As the investigation into suspected fraud against the National Health Insurance Fund (NHIF) continues, patients in some facilities that have been flagged are in limbo.
Relatives and patients seeking care from hospitals in Meru and Kirinyaga counties were left stranded when these facilities closed and transferred their patients to other health centers.
In Nkubu, Jekim Hospital's consultation rooms were shut until further notice. The hospital administrator, Edith Gatwiri, said they were discharging patients to allow for investigations.
Concerned relatives ferried their sick family members to other hospitals as outpatient services were also suspended.
Ms Gatwiri expressed regret over the halt in operations due to the government-mandated investigations.
But Jekim Hospital Director John Kirimi distanced himself from the scandal. He explained that his facility only provided X-rays for patients before they were transferred to Nairobi hospitals.
"My facility was not involved in offering treatment. As we speak, we have not been paid for the X-rays done there," Dr Kirimi said.
Focused on admissions
In Kirinyaga, Afya Bora hospitals also remained closed. When we called the facility, a woman who only identified herself as Liz said they were no longer admitting patients. Afya Bora has outlets in Kagio and Mwea towns focusing mainly on admissions.
The concerns came to light after Salesio Thuranira petitioned the County Assembly to investigate the health facilities for alleged illegal treatments. Other hospitals implicated in the scandal are in Mwea, Kinoo, Eastleigh, and Ruai.
Mr Thuranira revealed that a resident impersonated a doctor and went around villages looking for arthritis patients with valid health insurance cards.
Most of the victims complained of having lost health insurance money.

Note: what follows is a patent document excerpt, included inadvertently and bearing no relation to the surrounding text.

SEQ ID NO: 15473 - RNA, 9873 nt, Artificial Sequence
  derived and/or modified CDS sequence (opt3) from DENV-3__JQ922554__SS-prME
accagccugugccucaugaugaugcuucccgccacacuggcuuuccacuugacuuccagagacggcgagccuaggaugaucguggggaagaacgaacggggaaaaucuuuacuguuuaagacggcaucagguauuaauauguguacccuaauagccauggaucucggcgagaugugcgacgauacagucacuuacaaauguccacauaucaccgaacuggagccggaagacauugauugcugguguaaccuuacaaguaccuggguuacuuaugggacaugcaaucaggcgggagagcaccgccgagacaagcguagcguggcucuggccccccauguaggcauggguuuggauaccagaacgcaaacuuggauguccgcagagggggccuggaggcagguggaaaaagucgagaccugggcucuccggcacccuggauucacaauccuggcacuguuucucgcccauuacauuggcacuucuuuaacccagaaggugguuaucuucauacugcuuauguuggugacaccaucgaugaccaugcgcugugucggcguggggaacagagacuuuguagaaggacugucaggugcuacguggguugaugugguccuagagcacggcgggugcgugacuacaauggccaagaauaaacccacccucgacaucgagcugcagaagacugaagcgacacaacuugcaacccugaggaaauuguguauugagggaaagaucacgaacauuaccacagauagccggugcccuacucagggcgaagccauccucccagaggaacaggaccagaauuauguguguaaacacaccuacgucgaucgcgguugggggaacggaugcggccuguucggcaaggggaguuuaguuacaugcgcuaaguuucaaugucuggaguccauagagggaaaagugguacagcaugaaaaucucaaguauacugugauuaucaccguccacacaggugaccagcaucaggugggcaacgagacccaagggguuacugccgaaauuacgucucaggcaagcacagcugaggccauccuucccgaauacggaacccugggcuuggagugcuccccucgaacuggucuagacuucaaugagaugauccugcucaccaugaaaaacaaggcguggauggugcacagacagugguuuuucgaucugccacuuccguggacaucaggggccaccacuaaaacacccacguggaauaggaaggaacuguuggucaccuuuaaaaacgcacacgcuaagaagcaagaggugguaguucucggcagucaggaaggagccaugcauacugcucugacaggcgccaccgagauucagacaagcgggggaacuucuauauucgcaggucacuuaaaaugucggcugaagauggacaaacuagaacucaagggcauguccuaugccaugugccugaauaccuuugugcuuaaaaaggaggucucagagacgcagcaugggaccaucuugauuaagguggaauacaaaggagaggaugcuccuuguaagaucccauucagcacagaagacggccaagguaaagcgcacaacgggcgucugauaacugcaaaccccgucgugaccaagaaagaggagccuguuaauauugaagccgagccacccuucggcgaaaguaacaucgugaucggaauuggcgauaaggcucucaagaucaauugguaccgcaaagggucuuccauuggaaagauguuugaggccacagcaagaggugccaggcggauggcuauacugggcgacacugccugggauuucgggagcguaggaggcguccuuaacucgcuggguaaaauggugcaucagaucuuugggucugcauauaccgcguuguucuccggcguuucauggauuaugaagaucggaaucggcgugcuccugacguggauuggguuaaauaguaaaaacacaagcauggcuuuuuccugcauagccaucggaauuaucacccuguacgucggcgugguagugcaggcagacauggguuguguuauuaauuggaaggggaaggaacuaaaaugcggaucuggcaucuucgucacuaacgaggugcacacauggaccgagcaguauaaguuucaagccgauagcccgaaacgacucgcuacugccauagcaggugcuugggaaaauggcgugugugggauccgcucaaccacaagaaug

At least two of the 12 victims named in the petition reportedly died following surgery for arthritis.
The Standard visited the home of Giddiel Kithinji, who suffered from arthritis and died on March 30, this year.
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His mother, Brigit Joseph, 84, brother Wilfred Kaaria and daughter Charity Ntinyari are still crestfallen as they walk past Kithinji's grave in front of his house.
Kithinji went to Nairobi but Kaaria said he had misgivings about the trip.
"He had no other health issues apart from bent knees, but the arthritis bothered him. He was desperate to walk around and go to church with ease. When he was told surgery would cure him, he jumped at the opportunity," Kaaria said.
His mother said he called her before he was taken to the theatre, after which the hospital called the family to send more money.
"They called and asked us for Sh100,000 but while we were fundraising, my brother passed away," Kaaria said.
The family insist Kithinji was healthy before his visit to the hospital and demands an investigation into the cause of his death.
"He only had arthritis, no other complications. We need to know the truth and get justice," Kaaria said.